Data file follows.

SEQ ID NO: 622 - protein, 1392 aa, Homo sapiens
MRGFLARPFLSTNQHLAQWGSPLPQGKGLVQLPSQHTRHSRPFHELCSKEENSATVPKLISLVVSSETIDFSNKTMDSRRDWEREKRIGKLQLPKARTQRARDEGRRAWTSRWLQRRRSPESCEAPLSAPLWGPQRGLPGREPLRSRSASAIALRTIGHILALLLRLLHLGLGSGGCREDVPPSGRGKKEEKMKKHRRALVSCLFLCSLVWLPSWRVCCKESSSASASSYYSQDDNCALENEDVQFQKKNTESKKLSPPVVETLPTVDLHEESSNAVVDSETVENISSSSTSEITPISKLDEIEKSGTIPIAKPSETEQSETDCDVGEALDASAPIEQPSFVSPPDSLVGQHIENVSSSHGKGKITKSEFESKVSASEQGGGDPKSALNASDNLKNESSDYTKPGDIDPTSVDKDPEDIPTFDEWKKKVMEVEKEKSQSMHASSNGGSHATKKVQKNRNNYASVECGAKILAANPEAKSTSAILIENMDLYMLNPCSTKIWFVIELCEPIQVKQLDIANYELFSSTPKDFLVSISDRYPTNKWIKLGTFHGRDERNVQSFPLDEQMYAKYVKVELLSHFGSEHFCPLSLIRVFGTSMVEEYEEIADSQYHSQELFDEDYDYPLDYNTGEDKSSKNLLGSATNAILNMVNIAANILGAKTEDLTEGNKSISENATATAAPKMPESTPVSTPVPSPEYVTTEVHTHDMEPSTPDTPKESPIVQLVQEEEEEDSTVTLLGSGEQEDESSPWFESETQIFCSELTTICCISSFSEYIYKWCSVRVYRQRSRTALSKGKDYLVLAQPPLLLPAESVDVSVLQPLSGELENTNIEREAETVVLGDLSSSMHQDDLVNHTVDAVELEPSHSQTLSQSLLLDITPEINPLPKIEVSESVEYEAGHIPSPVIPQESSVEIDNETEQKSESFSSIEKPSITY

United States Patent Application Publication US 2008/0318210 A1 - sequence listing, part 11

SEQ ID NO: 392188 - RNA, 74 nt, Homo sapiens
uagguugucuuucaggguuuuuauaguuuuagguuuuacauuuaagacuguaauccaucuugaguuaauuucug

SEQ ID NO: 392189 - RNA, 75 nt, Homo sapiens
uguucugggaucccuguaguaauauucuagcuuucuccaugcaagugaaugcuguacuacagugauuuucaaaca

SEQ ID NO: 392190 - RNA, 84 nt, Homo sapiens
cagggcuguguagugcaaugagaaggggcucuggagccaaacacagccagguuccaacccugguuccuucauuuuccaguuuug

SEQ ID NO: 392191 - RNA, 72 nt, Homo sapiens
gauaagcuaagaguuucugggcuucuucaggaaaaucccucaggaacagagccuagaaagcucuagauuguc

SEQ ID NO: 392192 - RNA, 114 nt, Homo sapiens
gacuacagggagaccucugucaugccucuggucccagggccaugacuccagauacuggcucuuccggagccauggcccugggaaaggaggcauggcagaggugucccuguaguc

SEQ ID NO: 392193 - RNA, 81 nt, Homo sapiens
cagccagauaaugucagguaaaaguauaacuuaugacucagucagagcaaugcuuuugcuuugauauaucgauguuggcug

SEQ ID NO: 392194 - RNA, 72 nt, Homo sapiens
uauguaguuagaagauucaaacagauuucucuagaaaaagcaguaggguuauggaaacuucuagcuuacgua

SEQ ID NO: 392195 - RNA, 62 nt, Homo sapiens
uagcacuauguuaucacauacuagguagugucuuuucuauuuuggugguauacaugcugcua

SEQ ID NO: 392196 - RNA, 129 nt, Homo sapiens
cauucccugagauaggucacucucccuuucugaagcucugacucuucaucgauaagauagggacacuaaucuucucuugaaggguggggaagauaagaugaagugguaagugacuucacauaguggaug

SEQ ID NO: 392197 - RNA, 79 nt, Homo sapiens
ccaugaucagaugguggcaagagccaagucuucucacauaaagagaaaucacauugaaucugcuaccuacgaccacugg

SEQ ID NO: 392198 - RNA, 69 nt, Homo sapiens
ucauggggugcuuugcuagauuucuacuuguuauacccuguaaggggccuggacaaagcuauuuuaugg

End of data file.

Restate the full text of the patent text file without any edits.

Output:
SEQ ID NO: 622 - protein, 1392 aa, Homo sapiens
MRGFLARPFLSTNQHLAQWGSPLPQGKGLVQLPSQHTRHSRPFHELCSKEENSATVPKLISLVVSSETIDFSNKTMDSRRDWEREKRIGKLQLPKARTQRARDEGRRAWTSRWLQRRRSPESCEAPLSAPLWGPQRGLPGREPLRSRSASAIALRTIGHILALLLRLLHLGLGSGGCREDVPPSGRGKKEEKMKKHRRALVSCLFLCSLVWLPSWRVCCKESSSASASSYYSQDDNCALENEDVQFQKKNTESKKLSPPVVETLPTVDLHEESSNAVVDSETVENISSSSTSEITPISKLDEIEKSGTIPIAKPSETEQSETDCDVGEALDASAPIEQPSFVSPPDSLVGQHIENVSSSHGKGKITKSEFESKVSASEQGGGDPKSALNASDNLKNESSDYTKPGDIDPTSVDKDPEDIPTFDEWKKKVMEVEKEKSQSMHASSNGGSHATKKVQKNRNNYASVECGAKILAANPEAKSTSAILIENMDLYMLNPCSTKIWFVIELCEPIQVKQLDIANYELFSSTPKDFLVSISDRYPTNKWIKLGTFHGRDERNVQSFPLDEQMYAKYVKVELLSHFGSEHFCPLSLIRVFGTSMVEEYEEIADSQYHSQELFDEDYDYPLDYNTGEDKSSKNLLGSATNAILNMVNIAANILGAKTEDLTEGNKSISENATATAAPKMPESTPVSTPVPSPEYVTTEVHTHDMEPSTPDTPKESPIVQLVQEEEEEDSTVTLLGSGEQEDESSPWFESETQIFCSELTTICCISSFSEYIYKWCSVRVYRQRSRTALSKGKDYLVLAQPPLLLPAESVDVSVLQPLSGELENTNIEREAETVVLGDLSSSMHQDDLVNHTVDAVELEPSHSQTLSQSLLLDITPEINPLPKIEVSESVEYEAGHIPSPVIPQESSVEIDNETEQKSESFSSIEKPSITY

United States Patent Application Publication US 2008/0318210 A1 - sequence listing, part 11

SEQ ID NO: 392188 - RNA, 74 nt, Homo sapiens
uagguugucuuucaggguuuuuauaguuuuagguuuuacauuuaagacuguaauccaucuugaguuaauuucug

SEQ ID NO: 392189 - RNA, 75 nt, Homo sapiens
uguucugggaucccuguaguaauauucuagcuuucuccaugcaagugaaugcuguacuacagugauuuucaaaca

SEQ ID NO: 392190 - RNA, 84 nt, Homo sapiens
cagggcuguguagugcaaugagaaggggcucuggagccaaacacagccagguuccaacccugguuccuucauuuuccaguuuug

SEQ ID NO: 392191 - RNA, 72 nt, Homo sapiens
gauaagcuaagaguuucugggcuucuucaggaaaaucccucaggaacagagccuagaaagcucuagauuguc

SEQ ID NO: 392192 - RNA, 114 nt, Homo sapiens
gacuacagggagaccucugucaugccucuggucccagggccaugacuccagauacuggcucuuccggagccauggcccugggaaaggaggcauggcagaggugucccuguaguc

SEQ ID NO: 392193 - RNA, 81 nt, Homo sapiens
cagccagauaaugucagguaaaaguauaacuuaugacucagucagagcaaugcuuuugcuuugauauaucgauguuggcug

SEQ ID NO: 392194 - RNA, 72 nt, Homo sapiens
uauguaguuagaagauucaaacagauuucucuagaaaaagcaguaggguuauggaaacuucuagcuuacgua

SEQ ID NO: 392195 - RNA, 62 nt, Homo sapiens
uagcacuauguuaucacauacuagguagugucuuuucuauuuuggugguauacaugcugcua

SEQ ID NO: 392196 - RNA, 129 nt, Homo sapiens
cauucccugagauaggucacucucccuuucugaagcucugacucuucaucgauaagauagggacacuaaucuucucuugaaggguggggaagauaagaugaagugguaagugacuucacauaguggaug

SEQ ID NO: 392197 - RNA, 79 nt, Homo sapiens
ccaugaucagaugguggcaagagccaagucuucucacauaaagagaaaucacauugaaucugcuaccuacgaccacugg

SEQ ID NO: 392198 - RNA, 69 nt, Homo sapiens
ucauggggugcuuugcuagauuucuacuuguuauacccuguaaggggccuggacaaagcuauuuuaugg